Administering different types of employee leave requests remain one of the top challenges for employers. With companies expanding into new states, and allowing employees to work anywhere, the level of complexity has increased as state (and local) leave laws come into consideration.
How do employers navigate the leave of absence maze? First, it is important to understand the myriad of state leave laws that are applicable to an organization and its employees. Which leave laws apply to the employer? The employee? How do these interact with the federal Family and Medical Leave Act (FMLA) and any leave policies the company may have?
Next, it is important for an organization to assess their time off culture and practices. What is the company’s stance on allowing employees to take time off? Is this encouraged by management and leadership? As a leave consultant, I have seen a rise in organizations providing generous time off and leave of absence policies to encourage and support employees’ need for time away from work. As you may have experienced with your own organization’s growth, potential new hires are asking about time off benefits – paid time off (perhaps inquiring if there is an unlimited or flexible time off program), parental leave benefits (is it paid or unpaid? how much time off is provided?), caregiver leave benefits, number of holidays offered, etc. If you are monitoring these types of inquiries as part of your recruiting efforts, it may be worth reviewing/updating your company’s time off policies to attract and retain talent.
Another detour in the leave of absence maze may include understanding if your remote employees are eligible for certain leave benefits. For example, an FMLA covered employer must provide protected, unpaid time off to eligible employees. Per the FMLA, an employee must meet certain eligibility requirements including working at a location with at least 50 or more employees (or with 50 or more employees within a 75-mile radius). For your one and only employee working from their home in Texas, what do you do if they need to take time off to care for themselves, a family member, or to bond with a new child? Are they eligible for time off under the FMLA? They just may be.
An employee’s personal residence is not considered a worksite. Therefore, an employee working from home reporting to a worksite with at least 50 or more employees may be eligible for FMLA leave if they meet all other eligibility requirements. Because more employers have employees scattered throughout the U.S., it is not uncommon for a FMLA policy to exclude the 50/75-mile rule requirement.
Another common challenge for employers is how and when to pay employees who go out on a leave of absence. As more states implement paid disability insurance programs and/or paid family and medical leave programs, employers are faced with how to integrate external wage replacement with a company’s own paid policy - ensuring employees are not paid more than their normal weekly wage. For employees working in states with no programs to help offset lost income, is it equitable for the employer to offer a 100% supplemental paid program?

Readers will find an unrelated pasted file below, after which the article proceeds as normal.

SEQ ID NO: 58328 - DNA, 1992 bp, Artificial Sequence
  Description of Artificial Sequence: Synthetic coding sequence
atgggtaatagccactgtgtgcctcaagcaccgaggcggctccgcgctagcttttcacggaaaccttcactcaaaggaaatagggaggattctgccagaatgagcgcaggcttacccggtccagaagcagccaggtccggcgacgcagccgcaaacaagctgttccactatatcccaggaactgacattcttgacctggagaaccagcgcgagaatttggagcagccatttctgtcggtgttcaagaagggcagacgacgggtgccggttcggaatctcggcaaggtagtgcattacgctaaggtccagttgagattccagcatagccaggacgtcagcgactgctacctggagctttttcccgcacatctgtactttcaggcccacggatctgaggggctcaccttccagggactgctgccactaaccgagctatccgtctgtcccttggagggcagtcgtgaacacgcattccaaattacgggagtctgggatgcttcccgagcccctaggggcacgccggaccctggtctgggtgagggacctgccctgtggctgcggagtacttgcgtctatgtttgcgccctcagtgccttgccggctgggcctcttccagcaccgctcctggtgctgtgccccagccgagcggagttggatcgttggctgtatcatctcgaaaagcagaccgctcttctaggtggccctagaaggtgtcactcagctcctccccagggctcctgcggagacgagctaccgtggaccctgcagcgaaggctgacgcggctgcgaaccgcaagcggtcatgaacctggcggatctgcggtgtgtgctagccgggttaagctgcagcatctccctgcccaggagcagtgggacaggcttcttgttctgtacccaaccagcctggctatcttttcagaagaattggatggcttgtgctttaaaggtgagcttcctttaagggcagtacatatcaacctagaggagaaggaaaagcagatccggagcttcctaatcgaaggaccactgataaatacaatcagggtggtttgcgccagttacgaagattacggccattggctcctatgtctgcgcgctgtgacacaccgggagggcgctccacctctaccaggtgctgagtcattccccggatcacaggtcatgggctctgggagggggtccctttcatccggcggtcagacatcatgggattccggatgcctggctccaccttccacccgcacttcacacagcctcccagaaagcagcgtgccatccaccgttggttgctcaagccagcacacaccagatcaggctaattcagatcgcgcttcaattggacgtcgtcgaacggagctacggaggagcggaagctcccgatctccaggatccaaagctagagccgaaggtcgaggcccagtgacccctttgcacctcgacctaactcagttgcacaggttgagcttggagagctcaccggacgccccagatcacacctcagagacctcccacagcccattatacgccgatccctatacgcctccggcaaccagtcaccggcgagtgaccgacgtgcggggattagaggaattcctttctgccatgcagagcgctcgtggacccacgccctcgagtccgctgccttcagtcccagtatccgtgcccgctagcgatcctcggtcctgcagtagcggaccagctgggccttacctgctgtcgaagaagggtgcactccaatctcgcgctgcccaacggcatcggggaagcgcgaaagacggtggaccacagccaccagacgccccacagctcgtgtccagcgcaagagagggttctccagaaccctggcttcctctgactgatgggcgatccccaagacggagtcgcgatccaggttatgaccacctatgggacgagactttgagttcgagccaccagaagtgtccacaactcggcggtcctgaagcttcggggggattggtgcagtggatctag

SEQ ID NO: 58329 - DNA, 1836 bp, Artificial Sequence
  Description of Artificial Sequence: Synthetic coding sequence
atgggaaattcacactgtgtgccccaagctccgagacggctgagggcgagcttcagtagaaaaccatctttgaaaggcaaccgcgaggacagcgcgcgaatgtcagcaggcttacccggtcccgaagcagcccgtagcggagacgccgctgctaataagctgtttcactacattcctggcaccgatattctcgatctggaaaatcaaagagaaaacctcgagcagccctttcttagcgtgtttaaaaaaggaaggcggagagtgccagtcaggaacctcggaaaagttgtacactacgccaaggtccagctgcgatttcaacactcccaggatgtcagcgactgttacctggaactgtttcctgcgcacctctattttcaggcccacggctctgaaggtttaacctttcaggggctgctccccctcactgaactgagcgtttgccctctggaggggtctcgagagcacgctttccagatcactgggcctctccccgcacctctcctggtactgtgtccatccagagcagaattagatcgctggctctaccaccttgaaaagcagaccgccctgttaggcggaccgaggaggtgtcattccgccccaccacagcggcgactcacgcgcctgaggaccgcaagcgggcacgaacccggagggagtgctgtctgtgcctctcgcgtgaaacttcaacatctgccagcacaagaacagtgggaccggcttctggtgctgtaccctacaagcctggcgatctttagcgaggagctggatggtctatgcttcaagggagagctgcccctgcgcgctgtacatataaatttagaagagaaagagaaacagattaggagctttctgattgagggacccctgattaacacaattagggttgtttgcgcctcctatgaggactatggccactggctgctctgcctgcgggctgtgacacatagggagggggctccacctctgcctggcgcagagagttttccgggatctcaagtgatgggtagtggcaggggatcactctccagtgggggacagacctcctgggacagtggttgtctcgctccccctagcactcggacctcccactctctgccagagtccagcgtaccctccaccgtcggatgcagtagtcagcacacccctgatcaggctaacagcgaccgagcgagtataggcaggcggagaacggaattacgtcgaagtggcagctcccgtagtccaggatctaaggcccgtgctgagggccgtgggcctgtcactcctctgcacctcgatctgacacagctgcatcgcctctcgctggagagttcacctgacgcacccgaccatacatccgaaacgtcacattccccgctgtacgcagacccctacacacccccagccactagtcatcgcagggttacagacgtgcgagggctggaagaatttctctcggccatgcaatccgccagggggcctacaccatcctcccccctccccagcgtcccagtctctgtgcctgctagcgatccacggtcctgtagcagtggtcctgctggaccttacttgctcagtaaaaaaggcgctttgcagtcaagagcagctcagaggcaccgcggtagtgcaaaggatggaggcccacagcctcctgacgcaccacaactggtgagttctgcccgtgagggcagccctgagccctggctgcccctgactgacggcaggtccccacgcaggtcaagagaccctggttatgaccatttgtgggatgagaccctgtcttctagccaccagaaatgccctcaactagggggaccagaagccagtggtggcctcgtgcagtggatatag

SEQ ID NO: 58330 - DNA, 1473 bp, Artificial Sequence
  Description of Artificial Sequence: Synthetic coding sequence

If this article leaves you with more questions than you started with, that is quite alright. You are not alone. Lean on the vast resources available to you – HR memberships (i.e., SHRM), HR technologies, consulting firms, leave specialists, outsourcing firms, law firms, and your trusted HR peers. No matter the size of your organization, it is never too late to look at your time off policies, leave documents, leave communications, and leave management processes to ensure it is compliant and reflective of your company’s time off culture.
About the author
Executive HR Consultant
Marina brings more than 25 years of HR experience to her role as Executive HR Consultant at Newfront, and has provided consultation, effective recommendations and support to companies on a variety of topics such as compensation, compliance, leaves of absence, paid time off, performance management, policy and procedure development, total rewards, and training and development.
The information provided is of a general nature and an educational resource. It is not intended to provide advice or address the situation of any particular individual or entity. Any recipient shall be responsible for the use to which it puts this document. Newfront shall have no liability for the information provided. While care has been taken to produce this document, Newfront does not warrant, represent or guarantee the completeness, accuracy, adequacy, or fitness with respect to the information contained in this document. The information provided does not reflect new circumstances, or additional regulatory and legal changes. The issues addressed may have legal, financial, and health implications, and we recommend you speak to your legal, financial, and health advisors before acting on any of the information provided.
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